Watermarks

Though the terminology is misleading a “watermark” is not at all what it sounds like, and should never be confused with a mark actually made by water on the surface of a piece of paper! Spots like these were considered ghastly errors in the glory days of artisan-made paper and were thus referred to by the altogether more dramatic term “papermaker’s tears.” Confusing the two, say in a shadowy tavern, over a flagon of mead, could very well result in the dreaded “papermaker’s fists” impressing themselves into the pulp of your face.




The oldest form of watermarks are today referred to as “wire watermarks.” These were made by bending pieces of wire into filigree designs, tying them onto the mesh of the paper molds, and impressing them into the paper pulp while it was still damp. The comparative thinness of the areas which were pressed under this wire formed an image which only revealed itself when the paper was held up to light. Scholars seem to agree that watermarks of this kind are very nearly as old as papermaking itself.



The first known watermarks appeared toward the end of the 13th century, originating with the Albigensian papermakers of Southern France and Northern Italy. (Though papermaking as an industry is said to have first taken root in Spain the first great center of the papermaking industry in Europe was actually in Italy, specifically in Fabiano in the marquisate of Ancona, where mills were set up in 1276.) Their use spread very quickly all throughout Europe.



The purpose of watermarks at the moment of their invention is unclear. My guess is that they were invented accidentally and initially used in the service of kings or nobles seeking to secure the provenance of their communications (or, thinking more imaginatively, possibly to embed secret messages). Alternately they might have initially served a more noble cause still- amusement.



More qualified postulators think that perhaps they were a means of distinguishing between papers made by different workmen within “factories” who were paid by the sheet. Other theories, of course, abound-

Quote: “The first watermarks… were artless in design, the emblems were so mystic in character that it is reasonable to believe that they were meant to convey a meaning or signal among the workers who fashioned them. It has been suggested that these old devices may have been used solely as marks of identification for sizes of moulds and the paper formed thereon, or, as they are used today, simply as trademarks of the papermakers. Other writers have advanced the theory that they may have been employed in a purely symbolic sense… employed by the heretical papermakers as symbols of religious propaganda… embodying a hidden meaning understood only by the people of medieval times.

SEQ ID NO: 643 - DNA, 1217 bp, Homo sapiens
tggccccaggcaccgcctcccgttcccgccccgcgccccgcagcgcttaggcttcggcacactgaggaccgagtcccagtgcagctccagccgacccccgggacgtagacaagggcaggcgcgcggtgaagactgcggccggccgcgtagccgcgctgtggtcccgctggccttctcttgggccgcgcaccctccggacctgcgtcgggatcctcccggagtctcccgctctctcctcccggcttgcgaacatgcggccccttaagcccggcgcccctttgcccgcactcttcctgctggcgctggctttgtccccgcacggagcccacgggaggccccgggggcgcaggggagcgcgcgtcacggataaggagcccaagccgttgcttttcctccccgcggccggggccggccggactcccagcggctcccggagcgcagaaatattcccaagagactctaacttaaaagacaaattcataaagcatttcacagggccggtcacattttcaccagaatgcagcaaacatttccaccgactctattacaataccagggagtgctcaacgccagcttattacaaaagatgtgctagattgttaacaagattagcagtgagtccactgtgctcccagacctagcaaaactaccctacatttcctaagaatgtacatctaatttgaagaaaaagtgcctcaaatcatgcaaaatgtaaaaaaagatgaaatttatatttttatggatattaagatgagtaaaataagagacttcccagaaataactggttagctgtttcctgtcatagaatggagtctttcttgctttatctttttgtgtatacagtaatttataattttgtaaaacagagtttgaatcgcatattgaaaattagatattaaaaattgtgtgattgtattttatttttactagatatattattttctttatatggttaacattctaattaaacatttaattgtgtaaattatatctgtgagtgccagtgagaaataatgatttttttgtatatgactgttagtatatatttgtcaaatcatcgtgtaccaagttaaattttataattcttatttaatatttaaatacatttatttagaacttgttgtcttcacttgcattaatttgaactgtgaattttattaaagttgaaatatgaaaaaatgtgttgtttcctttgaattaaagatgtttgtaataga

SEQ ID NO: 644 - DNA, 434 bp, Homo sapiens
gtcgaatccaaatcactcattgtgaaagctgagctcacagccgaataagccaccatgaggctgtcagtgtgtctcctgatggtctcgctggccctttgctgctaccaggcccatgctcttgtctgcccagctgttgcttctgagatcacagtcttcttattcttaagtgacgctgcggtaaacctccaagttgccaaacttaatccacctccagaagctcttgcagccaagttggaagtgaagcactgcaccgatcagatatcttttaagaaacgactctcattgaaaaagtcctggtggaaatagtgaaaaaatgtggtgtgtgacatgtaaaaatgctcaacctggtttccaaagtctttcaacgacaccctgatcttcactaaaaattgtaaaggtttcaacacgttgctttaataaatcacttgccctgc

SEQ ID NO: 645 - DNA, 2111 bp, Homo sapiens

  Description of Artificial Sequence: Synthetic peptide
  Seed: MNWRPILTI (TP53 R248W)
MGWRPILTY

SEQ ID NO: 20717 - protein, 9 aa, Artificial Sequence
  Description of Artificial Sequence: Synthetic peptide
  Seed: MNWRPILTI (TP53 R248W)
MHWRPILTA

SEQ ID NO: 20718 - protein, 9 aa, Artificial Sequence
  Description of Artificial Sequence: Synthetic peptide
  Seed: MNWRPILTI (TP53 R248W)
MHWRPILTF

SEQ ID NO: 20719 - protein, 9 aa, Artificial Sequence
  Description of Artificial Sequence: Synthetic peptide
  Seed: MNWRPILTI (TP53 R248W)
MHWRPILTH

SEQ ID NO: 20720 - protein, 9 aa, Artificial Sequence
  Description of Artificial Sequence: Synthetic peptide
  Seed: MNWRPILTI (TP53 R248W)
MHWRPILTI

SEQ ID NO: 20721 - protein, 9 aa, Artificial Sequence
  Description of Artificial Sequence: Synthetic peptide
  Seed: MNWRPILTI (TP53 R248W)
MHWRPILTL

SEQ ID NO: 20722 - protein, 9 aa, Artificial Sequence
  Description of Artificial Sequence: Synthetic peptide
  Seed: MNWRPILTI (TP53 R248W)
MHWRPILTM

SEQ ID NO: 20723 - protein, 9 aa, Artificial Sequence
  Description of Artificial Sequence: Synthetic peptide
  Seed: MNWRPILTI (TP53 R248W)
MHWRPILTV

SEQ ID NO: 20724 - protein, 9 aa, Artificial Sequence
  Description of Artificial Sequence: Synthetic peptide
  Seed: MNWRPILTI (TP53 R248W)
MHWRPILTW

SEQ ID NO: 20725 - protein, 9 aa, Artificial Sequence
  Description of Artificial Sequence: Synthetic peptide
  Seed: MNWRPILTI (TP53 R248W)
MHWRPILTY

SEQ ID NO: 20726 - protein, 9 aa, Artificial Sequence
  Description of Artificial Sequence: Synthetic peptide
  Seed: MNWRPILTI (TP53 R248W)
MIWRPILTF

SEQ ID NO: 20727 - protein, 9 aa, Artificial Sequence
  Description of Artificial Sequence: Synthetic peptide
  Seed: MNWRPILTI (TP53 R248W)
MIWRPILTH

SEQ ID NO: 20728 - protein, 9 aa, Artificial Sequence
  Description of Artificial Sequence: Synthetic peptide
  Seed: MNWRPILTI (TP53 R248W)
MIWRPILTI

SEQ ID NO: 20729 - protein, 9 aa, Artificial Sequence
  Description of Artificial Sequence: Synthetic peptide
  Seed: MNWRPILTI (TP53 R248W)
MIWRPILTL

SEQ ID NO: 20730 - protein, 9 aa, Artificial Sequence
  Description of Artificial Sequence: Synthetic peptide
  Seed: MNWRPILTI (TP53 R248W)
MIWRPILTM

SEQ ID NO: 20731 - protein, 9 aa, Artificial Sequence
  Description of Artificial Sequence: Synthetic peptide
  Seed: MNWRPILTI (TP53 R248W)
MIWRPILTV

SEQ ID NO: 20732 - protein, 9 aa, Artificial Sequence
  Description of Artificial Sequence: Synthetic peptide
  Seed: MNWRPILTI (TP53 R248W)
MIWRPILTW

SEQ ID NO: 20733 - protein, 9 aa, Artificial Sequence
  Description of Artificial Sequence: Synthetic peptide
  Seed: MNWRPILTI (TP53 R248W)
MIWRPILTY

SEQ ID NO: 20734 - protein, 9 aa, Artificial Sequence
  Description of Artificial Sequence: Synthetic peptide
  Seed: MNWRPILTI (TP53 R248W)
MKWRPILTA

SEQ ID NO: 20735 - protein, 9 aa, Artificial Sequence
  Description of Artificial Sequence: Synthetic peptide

It might be suggested that the old watermarks were little more than a capricious notion of the papermakers who may have created the designs to satisfy their own artistic feeling. Another supposition… was that since the workmen could not read or write it was essential to appeal to them by means of pictures. Simply to have marked a mould with letters or numerals would have conveyed but slight meaning to the illiterate artisans of the fourteenth or fifteenth centuries; it was necessary to convey the meaning to them through the use of illustrations. For the same reason the signboards of inns and shops were of a pictorial nature inasmuch as the untutored populace could not have deciphered the lettered name had it been painted upon the swinging signs. -From THEOSOPHY, Vol. 53, No. 9, July, 1965.



Regardless of their origins watermarks were eventually adapted to be both trademarks (of a sort) for different paper-makers and a means of demarcating different types of paper, and batches, within their inventories. Today the oldest of watermarks are mainly used by conservators for dating documents and artworks.



The forms that these marks took were myriad and largely in-line with the common symbologies of the day, which is to say they were images commonly used in other spheres with meanings that were probably well understood by people of the time. Among them were all the expected animals (both terrestrial and fantastic), celestial objects, all manner of fruit and vegetable, tools, insects, flowers, crests, weapons, and symbolic bits–or indeed full on representations–of the human anatomy. By 1600 they had multiplied to the extent that individually identifiable watermarks numbered in the tens of thousands.



Though watermarking technology advanced quickly to allow for shades and complexity and greater detail I am personally most fond of these simple and somewhat naive forms which read like ancient pictograms or distracted doodles. They are infinitely more mysterious and, to my mind, more fittingly evocative of a craft practiced by skilled artisans utilizing callused hands.



For many many more examples and more information on the history of watermarking see the following-

Databases:
The Piccard watermark collection
Wasserzeichen des Mittelalters
Watermarks in Incunabula printed in the Low Countries
Watermarks in Incunabula printed in España
Mairie De Toulouse

Other:
Watermarks.info’s collection
British assoc. of paper historians
Motherbedford.com
Georgia Tech
Bates.edu
Theosophy, Vol. 53, No. 9
Whistler’s watermarks
Dürer’s watermarks
Dante’s watermarks
Make your own watermark.

Hope ye seekers, emphmeraphiles, and iconography thieves find something of interest in all that.

01.25. filed under: design. history. 2